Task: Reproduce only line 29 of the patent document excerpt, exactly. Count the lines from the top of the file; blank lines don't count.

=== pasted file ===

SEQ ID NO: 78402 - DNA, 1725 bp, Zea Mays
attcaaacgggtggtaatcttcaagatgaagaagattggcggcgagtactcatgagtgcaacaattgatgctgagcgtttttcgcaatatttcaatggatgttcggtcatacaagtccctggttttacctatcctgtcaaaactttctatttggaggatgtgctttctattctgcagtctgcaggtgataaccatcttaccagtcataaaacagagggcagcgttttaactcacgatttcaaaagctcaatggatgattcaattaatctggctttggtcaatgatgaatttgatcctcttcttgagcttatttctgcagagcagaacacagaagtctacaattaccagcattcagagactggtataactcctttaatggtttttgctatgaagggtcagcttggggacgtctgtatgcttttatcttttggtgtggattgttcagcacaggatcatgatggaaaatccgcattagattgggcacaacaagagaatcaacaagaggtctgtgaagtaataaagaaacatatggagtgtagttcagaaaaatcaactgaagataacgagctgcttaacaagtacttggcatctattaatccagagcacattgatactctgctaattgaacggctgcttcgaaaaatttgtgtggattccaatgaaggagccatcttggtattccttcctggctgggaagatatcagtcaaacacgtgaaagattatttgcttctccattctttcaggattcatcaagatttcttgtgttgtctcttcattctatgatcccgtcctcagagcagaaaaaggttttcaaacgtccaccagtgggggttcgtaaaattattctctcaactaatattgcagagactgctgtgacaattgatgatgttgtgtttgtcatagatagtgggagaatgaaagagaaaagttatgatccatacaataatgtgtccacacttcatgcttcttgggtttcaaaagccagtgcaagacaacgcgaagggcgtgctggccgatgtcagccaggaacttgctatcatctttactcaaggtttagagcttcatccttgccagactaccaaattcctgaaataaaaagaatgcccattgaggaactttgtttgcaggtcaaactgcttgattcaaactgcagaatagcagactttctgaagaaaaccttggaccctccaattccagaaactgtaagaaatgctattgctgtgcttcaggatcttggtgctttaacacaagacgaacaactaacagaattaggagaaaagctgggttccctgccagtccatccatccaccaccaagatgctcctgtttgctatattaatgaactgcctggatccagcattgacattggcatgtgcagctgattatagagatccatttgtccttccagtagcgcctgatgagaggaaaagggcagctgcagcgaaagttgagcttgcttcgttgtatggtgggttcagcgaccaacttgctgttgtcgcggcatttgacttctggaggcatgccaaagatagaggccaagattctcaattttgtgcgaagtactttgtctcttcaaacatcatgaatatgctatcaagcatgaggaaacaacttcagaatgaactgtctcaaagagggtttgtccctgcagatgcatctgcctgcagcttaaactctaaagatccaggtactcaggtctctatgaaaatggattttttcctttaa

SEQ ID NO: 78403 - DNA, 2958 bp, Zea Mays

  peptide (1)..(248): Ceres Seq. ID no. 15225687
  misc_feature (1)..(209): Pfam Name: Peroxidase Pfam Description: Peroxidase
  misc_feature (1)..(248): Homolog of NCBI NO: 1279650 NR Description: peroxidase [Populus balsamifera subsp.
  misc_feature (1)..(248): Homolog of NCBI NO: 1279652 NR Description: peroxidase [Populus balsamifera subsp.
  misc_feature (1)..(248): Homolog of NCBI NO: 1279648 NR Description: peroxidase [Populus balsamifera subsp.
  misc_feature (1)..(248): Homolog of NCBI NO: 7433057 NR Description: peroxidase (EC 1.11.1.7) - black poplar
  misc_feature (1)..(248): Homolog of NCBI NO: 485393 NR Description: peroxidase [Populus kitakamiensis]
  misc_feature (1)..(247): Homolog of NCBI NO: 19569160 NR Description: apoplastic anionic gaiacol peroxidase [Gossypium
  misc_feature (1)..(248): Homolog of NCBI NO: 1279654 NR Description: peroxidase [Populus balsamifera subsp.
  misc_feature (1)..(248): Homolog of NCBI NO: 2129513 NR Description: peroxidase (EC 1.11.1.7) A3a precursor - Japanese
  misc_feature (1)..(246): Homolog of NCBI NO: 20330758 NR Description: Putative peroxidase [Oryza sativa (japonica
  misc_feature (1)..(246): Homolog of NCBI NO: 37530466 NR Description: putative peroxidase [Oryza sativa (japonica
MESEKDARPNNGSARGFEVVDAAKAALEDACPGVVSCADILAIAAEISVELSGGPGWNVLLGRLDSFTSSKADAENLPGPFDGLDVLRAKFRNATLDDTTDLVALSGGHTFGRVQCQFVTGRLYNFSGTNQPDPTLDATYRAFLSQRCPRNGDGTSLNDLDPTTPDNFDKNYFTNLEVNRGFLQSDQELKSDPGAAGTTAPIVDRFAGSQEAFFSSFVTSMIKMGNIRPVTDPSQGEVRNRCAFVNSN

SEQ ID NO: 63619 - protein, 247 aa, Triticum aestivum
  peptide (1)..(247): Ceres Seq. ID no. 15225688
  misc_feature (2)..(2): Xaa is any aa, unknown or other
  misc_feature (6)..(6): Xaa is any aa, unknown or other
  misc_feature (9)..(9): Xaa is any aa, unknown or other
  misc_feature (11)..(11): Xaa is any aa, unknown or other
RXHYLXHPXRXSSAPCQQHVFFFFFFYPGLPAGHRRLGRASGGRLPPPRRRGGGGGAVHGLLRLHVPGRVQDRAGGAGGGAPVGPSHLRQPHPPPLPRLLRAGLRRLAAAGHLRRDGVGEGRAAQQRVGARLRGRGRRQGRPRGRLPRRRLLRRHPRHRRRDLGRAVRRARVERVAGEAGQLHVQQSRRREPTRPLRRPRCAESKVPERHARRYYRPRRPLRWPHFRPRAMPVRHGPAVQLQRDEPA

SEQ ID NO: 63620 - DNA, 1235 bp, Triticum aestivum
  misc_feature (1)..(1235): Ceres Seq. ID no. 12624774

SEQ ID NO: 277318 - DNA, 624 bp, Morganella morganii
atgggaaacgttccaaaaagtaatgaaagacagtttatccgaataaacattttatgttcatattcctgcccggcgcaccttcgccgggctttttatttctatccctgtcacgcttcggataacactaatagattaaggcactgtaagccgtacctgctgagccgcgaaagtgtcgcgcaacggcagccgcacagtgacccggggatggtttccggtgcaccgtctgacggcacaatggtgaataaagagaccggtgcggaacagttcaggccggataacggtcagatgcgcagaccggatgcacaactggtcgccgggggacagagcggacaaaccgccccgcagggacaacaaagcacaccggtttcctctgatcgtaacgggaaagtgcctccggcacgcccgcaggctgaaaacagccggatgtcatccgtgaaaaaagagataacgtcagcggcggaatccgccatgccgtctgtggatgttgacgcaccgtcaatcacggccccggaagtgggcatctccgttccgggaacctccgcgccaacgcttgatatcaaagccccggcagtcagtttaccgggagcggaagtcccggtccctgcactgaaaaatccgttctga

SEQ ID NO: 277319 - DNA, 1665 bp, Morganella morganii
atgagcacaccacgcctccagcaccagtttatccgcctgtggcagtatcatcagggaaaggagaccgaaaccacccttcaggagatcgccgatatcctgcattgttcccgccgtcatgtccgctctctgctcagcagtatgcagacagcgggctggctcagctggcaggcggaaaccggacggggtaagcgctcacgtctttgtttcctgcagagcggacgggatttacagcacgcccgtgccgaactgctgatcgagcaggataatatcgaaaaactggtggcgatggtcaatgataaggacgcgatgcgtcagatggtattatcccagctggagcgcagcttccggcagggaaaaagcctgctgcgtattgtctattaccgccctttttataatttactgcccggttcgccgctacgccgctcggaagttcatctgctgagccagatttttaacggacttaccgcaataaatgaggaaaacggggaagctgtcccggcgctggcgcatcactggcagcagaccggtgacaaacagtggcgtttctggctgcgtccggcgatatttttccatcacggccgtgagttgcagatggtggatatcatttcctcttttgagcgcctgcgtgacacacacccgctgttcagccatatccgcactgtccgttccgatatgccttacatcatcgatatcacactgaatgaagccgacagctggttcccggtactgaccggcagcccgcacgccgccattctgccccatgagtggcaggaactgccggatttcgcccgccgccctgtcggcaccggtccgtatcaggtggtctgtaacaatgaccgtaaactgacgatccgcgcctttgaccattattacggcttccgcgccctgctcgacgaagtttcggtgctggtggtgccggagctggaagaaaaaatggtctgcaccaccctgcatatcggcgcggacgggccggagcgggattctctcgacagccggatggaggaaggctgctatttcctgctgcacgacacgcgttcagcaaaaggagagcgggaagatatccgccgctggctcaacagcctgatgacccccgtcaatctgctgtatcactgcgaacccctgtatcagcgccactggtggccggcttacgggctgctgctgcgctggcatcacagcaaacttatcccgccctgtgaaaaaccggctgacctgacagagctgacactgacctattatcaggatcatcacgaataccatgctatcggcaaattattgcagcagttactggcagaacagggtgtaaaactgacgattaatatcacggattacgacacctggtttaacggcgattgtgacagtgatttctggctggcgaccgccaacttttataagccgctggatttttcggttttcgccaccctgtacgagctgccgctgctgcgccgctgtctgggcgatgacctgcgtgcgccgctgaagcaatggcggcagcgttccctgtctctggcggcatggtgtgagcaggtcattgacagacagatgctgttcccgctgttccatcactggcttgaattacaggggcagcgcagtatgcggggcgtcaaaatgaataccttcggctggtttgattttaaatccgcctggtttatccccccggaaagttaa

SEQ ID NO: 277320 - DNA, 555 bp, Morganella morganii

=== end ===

atgagcacaccacgcctccagcaccagtttatccgcctgtggcagtatcatcagggaaaggagaccgaaaccacccttcaggagatcgccgatatcctgcattgttcccgccgtcatgtccgctctctgctcagcagtatgcagacagcgggctggctcagctggcaggcggaaaccggacggggtaagcgctcacgtctttgtttcctgcagagcggacgggatttacagcacgcccgtgccgaactgctgatcgagcaggataatatcgaaaaactggtggcgatggtcaatgataaggacgcgatgcgtcagatggtattatcccagctggagcgcagcttccggcagggaaaaagcctgctgcgtattgtctattaccgccctttttataatttactgcccggttcgccgctacgccgctcggaagttcatctgctgagccagatttttaacggacttaccgcaataaatgaggaaaacggggaagctgtcccggcgctggcgcatcactggcagcagaccggtgacaaacagtggcgtttctggctgcgtccggcgatatttttccatcacggccgtgagttgcagatggtggatatcatttcctcttttgagcgcctgcgtgacacacacccgctgttcagccatatccgcactgtccgttccgatatgccttacatcatcgatatcacactgaatgaagccgacagctggttcccggtactgaccggcagcccgcacgccgccattctgccccatgagtggcaggaactgccggatttcgcccgccgccctgtcggcaccggtccgtatcaggtggtctgtaacaatgaccgtaaactgacgatccgcgcctttgaccattattacggcttccgcgccctgctcgacgaagtttcggtgctggtggtgccggagctggaagaaaaaatggtctgcaccaccctgcatatcggcgcggacgggccggagcgggattctctcgacagccggatggaggaaggctgctatttcctgctgcacgacacgcgttcagcaaaaggagagcgggaagatatccgccgctggctcaacagcctgatgacccccgtcaatctgctgtatcactgcgaacccctgtatcagcgccactggtggccggcttacgggctgctgctgcgctggcatcacagcaaacttatcccgccctgtgaaaaaccggctgacctgacagagctgacactgacctattatcaggatcatcacgaataccatgctatcggcaaattattgcagcagttactggcagaacagggtgtaaaactgacgattaatatcacggattacgacacctggtttaacggcgattgtgacagtgatttctggctggcgaccgccaacttttataagccgctggatttttcggttttcgccaccctgtacgagctgccgctgctgcgccgctgtctgggcgatgacctgcgtgcgccgctgaagcaatggcggcagcgttccctgtctctggcggcatggtgtgagcaggtcattgacagacagatgctgttcccgctgttccatcactggcttgaattacaggggcagcgcagtatgcggggcgtcaaaatgaataccttcggctggtttgattttaaatccgcctggtttatccccccggaaagttaa